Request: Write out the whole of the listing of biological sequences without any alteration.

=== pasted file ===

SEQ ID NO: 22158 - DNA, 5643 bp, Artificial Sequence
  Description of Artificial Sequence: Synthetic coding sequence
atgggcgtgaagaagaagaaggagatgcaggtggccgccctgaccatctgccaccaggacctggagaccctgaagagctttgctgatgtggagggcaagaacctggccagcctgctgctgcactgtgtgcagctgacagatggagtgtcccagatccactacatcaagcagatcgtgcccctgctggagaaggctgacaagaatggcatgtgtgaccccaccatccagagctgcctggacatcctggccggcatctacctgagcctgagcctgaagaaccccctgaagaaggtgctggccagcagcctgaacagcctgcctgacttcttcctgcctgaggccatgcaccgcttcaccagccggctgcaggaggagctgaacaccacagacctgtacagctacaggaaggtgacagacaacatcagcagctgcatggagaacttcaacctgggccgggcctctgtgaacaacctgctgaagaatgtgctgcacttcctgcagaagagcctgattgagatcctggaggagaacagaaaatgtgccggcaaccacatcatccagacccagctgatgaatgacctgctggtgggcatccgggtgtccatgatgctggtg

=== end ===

SEQ ID NO: 22158 - DNA, 5643 bp, Artificial Sequence
  Description of Artificial Sequence: Synthetic coding sequence
atgggcgtgaagaagaagaaggagatgcaggtggccgccctgaccatctgccaccaggacctggagaccctgaagagctttgctgatgtggagggcaagaacctggccagcctgctgctgcactgtgtgcagctgacagatggagtgtcccagatccactacatcaagcagatcgtgcccctgctggagaaggctgacaagaatggcatgtgtgaccccaccatccagagctgcctggacatcctggccggcatctacctgagcctgagcctgaagaaccccctgaagaaggtgctggccagcagcctgaacagcctgcctgacttcttcctgcctgaggccatgcaccgcttcaccagccggctgcaggaggagctgaacaccacagacctgtacagctacaggaaggtgacagacaacatcagcagctgcatggagaacttcaacctgggccgggcctctgtgaacaacctgctgaagaatgtgctgcacttcctgcagaagagcctgattgagatcctggaggagaacagaaaatgtgccggcaaccacatcatccagacccagctgatgaatgacctgctggtgggcatccgggtgtccatgatgctggtg